During the Ladies SP I played the following game.  During the leisurely time between skaters I did a quick COP calculation in my head and came up with COP scores for the skaters.  I then kept track of my scores and the official scored.  What I found was my scores were within 2 points for the panel results about half the time, and within 10% most of the time.  On the average, for 23 skaters (I stated my game after the first few skaters) my average difference from the panel was only 0.16 points.

So why, then, do we need all this expensive equipment?

But more significantly, in doing this I recognized another way the judges can work the system to stay out of trouble.

The first way judges work the system is to keep notes of all the Program Components they give.  They then compare their scores to the scores announced in the arena after the performance.  This allows them to check if their marks are consistent with the whole panel.  It also allows them to make mid-course corrections and figure out how much they have to go up or down to help or hinder future skaters in the event.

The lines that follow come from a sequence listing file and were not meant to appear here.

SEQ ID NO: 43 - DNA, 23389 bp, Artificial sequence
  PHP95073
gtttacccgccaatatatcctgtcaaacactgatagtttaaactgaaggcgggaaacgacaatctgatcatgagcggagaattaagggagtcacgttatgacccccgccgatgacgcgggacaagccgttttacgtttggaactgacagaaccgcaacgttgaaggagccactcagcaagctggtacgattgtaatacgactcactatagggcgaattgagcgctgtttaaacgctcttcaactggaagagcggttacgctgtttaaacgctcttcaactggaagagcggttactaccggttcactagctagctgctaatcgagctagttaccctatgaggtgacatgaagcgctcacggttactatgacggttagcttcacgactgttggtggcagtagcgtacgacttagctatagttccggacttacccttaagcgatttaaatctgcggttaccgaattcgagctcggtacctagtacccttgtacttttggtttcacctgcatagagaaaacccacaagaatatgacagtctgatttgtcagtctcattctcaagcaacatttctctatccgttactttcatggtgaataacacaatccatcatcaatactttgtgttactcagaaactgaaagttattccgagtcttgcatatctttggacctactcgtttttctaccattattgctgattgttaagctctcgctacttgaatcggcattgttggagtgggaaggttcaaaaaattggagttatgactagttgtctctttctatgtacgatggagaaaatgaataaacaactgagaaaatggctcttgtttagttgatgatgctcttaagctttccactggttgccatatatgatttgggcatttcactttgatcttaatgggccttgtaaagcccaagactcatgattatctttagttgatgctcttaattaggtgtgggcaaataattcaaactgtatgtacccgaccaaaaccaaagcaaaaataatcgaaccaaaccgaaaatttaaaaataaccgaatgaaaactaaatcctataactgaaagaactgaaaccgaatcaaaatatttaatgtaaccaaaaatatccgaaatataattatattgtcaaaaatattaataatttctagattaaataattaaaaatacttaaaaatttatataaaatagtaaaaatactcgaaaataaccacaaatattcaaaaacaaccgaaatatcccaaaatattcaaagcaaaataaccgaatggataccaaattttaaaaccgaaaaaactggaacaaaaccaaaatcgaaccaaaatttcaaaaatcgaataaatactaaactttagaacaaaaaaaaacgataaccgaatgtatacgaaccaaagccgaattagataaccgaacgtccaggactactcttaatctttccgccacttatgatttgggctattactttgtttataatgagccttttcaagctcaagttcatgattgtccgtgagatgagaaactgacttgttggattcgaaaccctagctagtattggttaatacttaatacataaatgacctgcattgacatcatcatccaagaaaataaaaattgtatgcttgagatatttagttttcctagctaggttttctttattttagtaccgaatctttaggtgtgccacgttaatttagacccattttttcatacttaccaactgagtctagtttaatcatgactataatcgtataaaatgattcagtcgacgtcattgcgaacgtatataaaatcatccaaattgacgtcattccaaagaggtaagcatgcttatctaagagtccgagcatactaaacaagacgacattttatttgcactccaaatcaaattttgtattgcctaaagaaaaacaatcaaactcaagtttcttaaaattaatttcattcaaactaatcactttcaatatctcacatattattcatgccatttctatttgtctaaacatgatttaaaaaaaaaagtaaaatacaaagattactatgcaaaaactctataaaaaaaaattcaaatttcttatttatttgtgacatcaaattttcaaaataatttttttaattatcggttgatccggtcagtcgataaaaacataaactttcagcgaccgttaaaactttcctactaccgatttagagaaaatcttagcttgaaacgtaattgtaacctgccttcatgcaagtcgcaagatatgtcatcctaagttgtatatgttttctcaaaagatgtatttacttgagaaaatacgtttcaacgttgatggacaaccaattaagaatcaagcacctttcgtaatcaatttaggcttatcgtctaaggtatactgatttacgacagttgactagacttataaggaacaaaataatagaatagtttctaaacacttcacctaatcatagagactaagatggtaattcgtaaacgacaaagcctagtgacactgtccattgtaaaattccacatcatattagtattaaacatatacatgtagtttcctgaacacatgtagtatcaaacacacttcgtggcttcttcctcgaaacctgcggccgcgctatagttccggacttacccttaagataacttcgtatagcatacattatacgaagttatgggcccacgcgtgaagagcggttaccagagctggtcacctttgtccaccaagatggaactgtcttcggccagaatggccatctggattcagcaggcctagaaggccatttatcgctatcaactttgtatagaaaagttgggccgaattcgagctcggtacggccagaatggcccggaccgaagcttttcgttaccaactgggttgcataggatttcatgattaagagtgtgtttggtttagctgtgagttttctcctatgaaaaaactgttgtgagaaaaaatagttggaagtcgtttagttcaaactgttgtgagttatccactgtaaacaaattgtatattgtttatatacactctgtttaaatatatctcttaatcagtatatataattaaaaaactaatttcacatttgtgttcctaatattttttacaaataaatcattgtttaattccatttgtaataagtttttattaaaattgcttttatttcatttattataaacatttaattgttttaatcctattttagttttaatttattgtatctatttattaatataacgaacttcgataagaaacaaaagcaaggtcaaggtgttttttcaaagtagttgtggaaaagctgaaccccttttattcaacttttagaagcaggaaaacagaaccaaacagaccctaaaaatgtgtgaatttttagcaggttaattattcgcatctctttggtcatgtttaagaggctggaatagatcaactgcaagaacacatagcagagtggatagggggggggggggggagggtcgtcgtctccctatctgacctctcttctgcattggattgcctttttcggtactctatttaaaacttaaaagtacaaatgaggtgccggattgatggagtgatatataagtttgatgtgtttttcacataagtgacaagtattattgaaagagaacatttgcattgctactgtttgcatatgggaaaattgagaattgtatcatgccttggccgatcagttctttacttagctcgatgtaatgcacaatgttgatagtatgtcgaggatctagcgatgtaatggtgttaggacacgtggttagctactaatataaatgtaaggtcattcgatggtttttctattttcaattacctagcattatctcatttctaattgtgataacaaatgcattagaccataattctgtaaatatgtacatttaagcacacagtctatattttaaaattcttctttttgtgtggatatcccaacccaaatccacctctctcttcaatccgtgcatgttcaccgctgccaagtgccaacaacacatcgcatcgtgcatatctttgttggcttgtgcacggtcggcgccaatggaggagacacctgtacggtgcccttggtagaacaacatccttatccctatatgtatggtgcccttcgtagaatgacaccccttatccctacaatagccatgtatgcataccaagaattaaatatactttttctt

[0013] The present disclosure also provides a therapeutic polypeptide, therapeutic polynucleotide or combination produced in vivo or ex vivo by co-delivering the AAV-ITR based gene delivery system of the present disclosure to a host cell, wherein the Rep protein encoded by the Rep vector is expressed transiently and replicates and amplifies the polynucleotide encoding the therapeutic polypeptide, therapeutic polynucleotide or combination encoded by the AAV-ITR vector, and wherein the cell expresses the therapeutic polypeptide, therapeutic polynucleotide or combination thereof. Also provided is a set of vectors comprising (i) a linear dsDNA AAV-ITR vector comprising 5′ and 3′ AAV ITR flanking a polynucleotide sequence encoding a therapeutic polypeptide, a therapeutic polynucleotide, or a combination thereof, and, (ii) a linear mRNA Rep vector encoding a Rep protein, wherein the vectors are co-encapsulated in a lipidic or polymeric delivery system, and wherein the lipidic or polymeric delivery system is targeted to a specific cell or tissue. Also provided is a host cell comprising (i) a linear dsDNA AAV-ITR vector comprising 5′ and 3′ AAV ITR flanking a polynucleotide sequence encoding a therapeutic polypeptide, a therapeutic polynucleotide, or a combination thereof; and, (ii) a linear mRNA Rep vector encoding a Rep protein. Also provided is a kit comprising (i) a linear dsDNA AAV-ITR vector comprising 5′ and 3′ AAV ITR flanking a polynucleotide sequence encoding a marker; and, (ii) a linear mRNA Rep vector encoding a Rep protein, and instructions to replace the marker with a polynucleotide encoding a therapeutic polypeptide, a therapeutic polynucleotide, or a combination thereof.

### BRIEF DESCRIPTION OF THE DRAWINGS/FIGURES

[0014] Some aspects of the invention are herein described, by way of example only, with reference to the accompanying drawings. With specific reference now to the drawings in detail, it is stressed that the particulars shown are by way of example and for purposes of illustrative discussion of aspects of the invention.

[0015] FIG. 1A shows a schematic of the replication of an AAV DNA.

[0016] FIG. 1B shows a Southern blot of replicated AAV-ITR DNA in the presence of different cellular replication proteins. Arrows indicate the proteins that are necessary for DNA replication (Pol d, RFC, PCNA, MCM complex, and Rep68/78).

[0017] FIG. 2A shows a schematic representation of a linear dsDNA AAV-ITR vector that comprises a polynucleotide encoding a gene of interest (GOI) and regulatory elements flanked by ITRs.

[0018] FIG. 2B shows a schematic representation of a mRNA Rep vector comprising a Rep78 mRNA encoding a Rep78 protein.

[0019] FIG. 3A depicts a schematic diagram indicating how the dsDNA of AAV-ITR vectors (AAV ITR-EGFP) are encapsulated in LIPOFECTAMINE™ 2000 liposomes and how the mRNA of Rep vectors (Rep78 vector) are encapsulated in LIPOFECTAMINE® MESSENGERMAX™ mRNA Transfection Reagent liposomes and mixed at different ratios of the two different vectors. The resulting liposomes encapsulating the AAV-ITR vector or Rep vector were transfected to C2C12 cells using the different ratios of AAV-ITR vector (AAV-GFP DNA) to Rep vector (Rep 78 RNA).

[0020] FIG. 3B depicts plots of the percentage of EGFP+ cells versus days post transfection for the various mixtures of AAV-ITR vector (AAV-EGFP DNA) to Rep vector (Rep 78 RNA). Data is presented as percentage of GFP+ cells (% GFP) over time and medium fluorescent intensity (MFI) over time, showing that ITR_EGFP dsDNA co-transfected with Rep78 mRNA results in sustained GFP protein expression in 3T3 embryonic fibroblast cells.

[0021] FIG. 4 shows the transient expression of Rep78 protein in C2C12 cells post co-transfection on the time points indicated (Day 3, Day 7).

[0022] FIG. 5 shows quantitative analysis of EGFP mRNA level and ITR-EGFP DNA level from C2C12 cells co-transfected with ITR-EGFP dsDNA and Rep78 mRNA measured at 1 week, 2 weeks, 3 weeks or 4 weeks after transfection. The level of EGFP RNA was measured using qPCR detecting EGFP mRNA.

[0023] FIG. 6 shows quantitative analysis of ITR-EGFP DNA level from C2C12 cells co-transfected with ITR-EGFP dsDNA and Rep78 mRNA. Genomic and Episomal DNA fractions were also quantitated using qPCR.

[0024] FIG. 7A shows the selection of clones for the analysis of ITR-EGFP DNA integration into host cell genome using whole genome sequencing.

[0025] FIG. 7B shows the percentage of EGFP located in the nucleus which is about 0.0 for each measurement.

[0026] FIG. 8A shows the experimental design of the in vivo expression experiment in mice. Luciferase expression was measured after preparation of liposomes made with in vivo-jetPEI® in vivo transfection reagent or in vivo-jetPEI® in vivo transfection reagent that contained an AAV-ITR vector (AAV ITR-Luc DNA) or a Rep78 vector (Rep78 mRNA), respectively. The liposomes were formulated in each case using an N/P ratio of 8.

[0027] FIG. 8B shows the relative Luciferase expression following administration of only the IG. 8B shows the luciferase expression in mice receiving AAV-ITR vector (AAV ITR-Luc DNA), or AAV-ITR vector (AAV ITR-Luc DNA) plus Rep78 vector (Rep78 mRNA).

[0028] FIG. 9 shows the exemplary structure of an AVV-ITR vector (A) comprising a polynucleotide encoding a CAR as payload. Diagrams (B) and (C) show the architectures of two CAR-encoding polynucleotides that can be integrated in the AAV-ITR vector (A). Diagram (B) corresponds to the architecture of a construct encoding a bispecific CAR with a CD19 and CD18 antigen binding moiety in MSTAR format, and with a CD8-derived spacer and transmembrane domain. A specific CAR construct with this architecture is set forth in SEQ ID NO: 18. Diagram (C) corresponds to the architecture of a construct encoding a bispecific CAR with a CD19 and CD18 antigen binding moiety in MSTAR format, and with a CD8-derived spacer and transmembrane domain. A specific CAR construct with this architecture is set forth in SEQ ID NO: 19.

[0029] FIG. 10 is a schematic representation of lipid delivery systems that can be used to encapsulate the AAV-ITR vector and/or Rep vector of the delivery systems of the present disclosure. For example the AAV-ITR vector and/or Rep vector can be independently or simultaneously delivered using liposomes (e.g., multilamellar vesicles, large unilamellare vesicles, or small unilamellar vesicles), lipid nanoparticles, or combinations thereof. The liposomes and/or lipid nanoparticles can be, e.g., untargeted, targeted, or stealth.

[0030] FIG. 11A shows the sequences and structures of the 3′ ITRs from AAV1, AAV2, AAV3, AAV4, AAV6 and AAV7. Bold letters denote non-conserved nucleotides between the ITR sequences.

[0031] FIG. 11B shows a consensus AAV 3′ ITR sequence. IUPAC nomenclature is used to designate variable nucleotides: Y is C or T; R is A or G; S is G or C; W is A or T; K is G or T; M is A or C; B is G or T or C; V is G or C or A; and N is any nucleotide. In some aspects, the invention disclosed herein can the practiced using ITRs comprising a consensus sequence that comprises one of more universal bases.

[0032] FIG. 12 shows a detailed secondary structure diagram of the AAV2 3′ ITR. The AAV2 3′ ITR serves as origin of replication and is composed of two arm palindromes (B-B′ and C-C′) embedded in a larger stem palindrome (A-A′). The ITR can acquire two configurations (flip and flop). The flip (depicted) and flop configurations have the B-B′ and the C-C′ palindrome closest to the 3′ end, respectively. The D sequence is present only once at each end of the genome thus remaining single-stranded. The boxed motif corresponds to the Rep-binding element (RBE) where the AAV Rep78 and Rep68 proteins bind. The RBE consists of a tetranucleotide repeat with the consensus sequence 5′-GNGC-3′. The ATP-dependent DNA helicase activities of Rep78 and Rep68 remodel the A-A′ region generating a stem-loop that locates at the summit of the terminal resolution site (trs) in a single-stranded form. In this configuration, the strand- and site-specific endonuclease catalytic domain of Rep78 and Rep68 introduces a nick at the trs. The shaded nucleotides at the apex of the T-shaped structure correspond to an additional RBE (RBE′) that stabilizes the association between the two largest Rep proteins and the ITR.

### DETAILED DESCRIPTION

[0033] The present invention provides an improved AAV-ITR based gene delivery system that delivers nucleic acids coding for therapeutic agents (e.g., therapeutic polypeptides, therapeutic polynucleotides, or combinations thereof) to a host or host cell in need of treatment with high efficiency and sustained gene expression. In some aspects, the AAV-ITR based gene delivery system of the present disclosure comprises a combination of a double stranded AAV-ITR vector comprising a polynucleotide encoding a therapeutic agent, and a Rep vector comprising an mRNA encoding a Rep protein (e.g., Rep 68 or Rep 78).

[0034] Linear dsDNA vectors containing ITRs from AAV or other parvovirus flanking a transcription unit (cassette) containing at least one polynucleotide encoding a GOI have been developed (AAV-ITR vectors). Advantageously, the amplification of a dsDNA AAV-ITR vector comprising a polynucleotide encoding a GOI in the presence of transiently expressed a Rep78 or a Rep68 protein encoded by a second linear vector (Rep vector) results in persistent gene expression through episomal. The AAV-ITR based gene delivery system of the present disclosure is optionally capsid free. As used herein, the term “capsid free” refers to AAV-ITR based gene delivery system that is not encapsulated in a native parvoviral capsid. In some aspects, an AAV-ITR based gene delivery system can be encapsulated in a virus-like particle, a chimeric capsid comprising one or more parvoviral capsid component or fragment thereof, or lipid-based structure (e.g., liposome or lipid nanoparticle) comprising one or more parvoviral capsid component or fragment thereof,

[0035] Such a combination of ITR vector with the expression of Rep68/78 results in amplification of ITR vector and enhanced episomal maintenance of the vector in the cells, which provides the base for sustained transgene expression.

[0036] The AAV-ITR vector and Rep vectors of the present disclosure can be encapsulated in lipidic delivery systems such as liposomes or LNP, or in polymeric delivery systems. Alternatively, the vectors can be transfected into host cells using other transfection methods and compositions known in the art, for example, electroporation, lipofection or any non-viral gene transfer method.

The second way to work the scores is to use the personal best score announced prior to each performance to rely on reputation judging and for staying within the corridor.  The way this works is to take the personal best and divide by two to get a fairly good estimate of the total Program Component score for the skater.  Then calculate the individual PC scores, and mark up and down from there by maybe 1/2 point depending if the skater appears to have a particularly good or bad day.  This will put the judge in the corridor most of the time.  For example, if the personal best in the Ladies SP is 40 points then the total PC score should be about 20 and the individual PC marks should be around 5.0.  Then mark up or down 1/2-3/4 of a point from there.

Wednesday, 25 January

Late into town and catching up!